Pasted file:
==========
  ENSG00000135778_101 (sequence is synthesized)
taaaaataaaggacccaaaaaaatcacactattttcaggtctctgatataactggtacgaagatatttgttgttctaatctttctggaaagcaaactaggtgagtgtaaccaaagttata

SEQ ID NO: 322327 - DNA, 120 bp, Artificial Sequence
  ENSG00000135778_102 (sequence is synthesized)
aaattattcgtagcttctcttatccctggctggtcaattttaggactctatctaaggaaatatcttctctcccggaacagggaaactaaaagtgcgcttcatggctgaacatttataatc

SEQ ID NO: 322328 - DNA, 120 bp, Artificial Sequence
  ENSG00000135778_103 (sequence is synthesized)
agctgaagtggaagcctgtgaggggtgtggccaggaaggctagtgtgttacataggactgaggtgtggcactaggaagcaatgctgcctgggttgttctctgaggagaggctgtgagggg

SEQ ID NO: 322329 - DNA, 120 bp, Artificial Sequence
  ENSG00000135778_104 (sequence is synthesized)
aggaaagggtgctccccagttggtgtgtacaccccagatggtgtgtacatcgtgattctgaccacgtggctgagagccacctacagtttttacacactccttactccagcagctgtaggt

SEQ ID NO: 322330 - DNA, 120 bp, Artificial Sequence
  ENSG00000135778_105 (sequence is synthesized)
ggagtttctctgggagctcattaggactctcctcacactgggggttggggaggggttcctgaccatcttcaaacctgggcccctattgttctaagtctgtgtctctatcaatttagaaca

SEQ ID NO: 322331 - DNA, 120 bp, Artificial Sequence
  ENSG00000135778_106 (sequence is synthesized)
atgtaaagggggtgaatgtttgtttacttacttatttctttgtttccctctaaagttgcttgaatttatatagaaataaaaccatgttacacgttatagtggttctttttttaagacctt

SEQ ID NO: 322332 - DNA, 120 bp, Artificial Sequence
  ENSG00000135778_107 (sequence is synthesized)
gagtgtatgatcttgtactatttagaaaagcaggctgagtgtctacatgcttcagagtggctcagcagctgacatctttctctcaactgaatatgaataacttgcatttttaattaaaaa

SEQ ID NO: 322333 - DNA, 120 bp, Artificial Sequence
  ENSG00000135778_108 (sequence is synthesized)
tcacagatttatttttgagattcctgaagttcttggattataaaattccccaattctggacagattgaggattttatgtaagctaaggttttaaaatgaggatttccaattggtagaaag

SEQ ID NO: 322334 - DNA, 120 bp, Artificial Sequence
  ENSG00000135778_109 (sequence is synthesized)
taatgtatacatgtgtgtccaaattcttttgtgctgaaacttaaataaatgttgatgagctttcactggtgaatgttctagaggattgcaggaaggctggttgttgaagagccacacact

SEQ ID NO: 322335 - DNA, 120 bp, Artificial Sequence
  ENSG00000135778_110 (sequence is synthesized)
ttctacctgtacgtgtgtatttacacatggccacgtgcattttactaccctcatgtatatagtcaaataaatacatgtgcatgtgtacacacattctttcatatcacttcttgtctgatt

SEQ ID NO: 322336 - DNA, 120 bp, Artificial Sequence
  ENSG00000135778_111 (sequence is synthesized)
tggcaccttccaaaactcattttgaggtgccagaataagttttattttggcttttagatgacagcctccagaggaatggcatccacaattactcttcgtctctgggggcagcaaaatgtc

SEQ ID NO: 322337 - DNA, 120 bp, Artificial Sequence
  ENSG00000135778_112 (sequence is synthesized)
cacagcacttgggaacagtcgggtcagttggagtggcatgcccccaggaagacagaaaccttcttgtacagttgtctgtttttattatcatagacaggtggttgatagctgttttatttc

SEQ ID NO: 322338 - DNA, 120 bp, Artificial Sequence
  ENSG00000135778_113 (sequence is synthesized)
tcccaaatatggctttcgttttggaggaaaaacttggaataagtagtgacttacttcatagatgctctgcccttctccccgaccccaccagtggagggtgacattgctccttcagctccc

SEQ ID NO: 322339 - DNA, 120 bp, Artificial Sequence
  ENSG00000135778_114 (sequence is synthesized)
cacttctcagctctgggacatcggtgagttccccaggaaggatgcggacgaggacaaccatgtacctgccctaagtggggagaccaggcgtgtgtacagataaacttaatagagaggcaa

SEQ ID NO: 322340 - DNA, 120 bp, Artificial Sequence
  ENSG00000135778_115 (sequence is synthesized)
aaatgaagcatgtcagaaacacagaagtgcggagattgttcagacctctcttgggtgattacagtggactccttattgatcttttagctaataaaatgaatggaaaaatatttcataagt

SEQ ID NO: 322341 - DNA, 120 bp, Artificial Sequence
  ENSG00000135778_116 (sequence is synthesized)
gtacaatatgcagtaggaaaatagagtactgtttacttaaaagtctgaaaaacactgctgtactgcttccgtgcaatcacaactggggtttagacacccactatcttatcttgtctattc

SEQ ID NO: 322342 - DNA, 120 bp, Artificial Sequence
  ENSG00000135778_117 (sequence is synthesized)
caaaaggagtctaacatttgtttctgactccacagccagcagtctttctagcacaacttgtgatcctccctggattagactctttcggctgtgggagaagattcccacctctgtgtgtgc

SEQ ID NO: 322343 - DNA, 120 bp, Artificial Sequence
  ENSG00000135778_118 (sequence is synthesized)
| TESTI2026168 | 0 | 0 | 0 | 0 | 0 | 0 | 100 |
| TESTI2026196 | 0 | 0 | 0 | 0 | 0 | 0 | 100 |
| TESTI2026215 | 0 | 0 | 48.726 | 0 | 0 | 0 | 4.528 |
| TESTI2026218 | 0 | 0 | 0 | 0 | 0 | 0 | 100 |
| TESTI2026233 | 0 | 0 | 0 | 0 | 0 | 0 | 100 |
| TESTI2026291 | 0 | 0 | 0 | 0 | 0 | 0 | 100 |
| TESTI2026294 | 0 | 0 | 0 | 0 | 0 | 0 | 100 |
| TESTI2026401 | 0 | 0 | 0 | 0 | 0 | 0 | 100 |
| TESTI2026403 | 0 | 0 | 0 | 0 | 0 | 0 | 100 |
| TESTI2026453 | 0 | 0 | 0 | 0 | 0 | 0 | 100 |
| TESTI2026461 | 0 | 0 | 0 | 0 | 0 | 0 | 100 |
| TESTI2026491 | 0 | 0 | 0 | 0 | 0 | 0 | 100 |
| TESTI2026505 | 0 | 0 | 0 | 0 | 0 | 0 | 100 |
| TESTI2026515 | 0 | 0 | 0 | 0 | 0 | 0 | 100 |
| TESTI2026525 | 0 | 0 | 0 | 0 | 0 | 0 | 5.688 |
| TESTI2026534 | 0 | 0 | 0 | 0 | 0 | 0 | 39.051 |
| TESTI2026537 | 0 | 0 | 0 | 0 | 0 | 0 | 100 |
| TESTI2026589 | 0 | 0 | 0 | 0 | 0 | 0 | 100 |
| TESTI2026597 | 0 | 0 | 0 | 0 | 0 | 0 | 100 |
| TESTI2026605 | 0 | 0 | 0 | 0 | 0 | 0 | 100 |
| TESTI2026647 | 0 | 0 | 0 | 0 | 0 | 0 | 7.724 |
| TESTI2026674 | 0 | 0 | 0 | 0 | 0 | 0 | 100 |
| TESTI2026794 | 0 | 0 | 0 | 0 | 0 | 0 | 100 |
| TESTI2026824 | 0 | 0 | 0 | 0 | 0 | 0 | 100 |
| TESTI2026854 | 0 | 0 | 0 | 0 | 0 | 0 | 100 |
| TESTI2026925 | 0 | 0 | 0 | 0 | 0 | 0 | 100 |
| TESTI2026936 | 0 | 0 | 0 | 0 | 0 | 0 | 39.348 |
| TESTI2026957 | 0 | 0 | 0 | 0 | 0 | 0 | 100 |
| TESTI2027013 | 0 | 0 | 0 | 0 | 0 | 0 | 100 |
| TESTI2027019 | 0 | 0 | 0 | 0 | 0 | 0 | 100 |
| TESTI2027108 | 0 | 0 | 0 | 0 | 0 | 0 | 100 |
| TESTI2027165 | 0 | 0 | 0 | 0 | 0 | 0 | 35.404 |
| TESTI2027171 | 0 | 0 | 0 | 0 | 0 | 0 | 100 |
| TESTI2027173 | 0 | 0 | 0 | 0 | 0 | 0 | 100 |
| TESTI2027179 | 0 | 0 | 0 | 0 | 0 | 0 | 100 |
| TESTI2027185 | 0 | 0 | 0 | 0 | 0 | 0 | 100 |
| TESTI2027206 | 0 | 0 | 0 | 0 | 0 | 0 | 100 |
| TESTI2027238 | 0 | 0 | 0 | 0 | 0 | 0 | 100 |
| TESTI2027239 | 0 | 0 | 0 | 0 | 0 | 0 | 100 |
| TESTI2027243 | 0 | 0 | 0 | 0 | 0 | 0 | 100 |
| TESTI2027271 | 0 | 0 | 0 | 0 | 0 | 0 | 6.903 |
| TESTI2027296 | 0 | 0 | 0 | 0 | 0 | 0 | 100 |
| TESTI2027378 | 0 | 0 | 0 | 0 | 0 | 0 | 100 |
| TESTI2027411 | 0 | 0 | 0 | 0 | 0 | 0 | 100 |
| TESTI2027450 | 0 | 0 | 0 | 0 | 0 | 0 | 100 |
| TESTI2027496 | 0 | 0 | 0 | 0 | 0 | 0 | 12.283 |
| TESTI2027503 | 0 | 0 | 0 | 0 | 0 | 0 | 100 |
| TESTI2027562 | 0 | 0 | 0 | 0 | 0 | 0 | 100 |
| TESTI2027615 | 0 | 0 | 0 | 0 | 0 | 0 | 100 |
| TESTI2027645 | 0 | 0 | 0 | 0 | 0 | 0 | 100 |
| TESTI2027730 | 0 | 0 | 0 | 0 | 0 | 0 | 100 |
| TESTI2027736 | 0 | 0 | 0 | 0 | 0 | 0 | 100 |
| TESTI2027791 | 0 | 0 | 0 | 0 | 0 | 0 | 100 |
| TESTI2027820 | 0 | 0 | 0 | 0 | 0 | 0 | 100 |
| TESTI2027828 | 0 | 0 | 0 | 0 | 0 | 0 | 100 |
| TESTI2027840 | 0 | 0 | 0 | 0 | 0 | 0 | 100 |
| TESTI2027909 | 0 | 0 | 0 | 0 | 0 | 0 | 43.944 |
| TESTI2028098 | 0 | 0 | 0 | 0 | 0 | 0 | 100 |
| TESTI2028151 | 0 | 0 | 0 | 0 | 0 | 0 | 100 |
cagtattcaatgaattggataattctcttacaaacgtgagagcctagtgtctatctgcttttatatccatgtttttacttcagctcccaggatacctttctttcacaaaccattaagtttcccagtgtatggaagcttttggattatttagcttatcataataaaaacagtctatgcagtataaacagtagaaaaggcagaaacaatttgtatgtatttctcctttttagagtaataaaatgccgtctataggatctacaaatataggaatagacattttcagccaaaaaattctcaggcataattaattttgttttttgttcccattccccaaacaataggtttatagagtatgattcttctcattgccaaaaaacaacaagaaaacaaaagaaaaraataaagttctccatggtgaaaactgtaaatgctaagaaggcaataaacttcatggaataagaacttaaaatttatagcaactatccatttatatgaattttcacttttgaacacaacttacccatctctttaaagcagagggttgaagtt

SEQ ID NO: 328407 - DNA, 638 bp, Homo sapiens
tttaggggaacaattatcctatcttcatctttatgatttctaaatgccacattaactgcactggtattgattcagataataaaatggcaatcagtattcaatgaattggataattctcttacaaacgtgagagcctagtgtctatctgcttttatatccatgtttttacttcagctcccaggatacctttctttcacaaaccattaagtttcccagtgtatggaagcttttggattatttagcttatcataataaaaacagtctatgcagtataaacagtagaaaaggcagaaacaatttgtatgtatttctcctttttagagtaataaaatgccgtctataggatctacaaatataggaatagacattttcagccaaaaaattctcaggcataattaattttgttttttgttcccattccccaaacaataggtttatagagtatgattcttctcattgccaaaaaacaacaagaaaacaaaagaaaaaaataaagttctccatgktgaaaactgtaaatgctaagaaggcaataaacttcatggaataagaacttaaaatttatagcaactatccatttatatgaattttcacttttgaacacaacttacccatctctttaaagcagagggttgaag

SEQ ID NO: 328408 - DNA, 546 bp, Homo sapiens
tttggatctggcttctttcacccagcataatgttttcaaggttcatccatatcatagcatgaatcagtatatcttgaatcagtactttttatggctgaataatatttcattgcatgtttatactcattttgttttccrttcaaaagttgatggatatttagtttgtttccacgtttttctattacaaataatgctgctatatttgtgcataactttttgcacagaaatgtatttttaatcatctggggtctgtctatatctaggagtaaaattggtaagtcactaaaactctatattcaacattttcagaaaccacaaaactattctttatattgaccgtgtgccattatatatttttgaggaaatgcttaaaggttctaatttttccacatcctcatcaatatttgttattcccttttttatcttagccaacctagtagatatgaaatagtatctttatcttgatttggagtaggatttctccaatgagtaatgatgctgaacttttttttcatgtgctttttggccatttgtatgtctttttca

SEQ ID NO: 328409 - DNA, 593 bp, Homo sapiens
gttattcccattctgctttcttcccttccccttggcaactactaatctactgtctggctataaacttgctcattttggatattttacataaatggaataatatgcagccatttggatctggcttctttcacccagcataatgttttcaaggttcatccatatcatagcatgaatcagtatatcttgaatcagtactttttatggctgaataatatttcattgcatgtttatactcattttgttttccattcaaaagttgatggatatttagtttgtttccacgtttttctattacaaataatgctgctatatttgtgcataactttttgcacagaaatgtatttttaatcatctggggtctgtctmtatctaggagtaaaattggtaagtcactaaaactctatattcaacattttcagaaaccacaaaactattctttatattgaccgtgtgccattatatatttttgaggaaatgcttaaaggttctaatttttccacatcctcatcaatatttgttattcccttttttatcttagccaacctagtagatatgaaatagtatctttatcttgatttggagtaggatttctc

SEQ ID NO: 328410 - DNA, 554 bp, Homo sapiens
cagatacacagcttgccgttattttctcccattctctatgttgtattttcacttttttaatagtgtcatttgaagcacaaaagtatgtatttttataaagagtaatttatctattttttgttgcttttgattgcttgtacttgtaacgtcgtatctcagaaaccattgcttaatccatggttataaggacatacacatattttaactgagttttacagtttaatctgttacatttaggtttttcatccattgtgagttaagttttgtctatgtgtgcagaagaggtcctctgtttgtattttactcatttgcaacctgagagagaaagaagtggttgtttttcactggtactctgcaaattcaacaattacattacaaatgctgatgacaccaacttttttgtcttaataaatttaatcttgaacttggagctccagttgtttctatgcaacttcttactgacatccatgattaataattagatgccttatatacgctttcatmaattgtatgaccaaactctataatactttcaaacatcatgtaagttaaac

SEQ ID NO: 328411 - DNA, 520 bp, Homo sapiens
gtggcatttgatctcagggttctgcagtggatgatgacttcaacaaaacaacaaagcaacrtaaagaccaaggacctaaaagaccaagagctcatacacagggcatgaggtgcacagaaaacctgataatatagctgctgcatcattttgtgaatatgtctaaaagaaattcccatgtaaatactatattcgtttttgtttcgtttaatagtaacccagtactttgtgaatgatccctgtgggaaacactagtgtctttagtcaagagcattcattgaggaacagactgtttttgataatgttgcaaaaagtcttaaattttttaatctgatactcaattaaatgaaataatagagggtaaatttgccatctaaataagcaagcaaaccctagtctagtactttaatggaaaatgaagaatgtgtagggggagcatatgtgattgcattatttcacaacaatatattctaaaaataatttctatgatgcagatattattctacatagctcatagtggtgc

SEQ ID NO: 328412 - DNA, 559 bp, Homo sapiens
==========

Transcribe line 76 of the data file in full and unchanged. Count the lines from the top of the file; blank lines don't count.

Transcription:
| TESTI2026824 | 0 | 0 | 0 | 0 | 0 | 0 | 100 |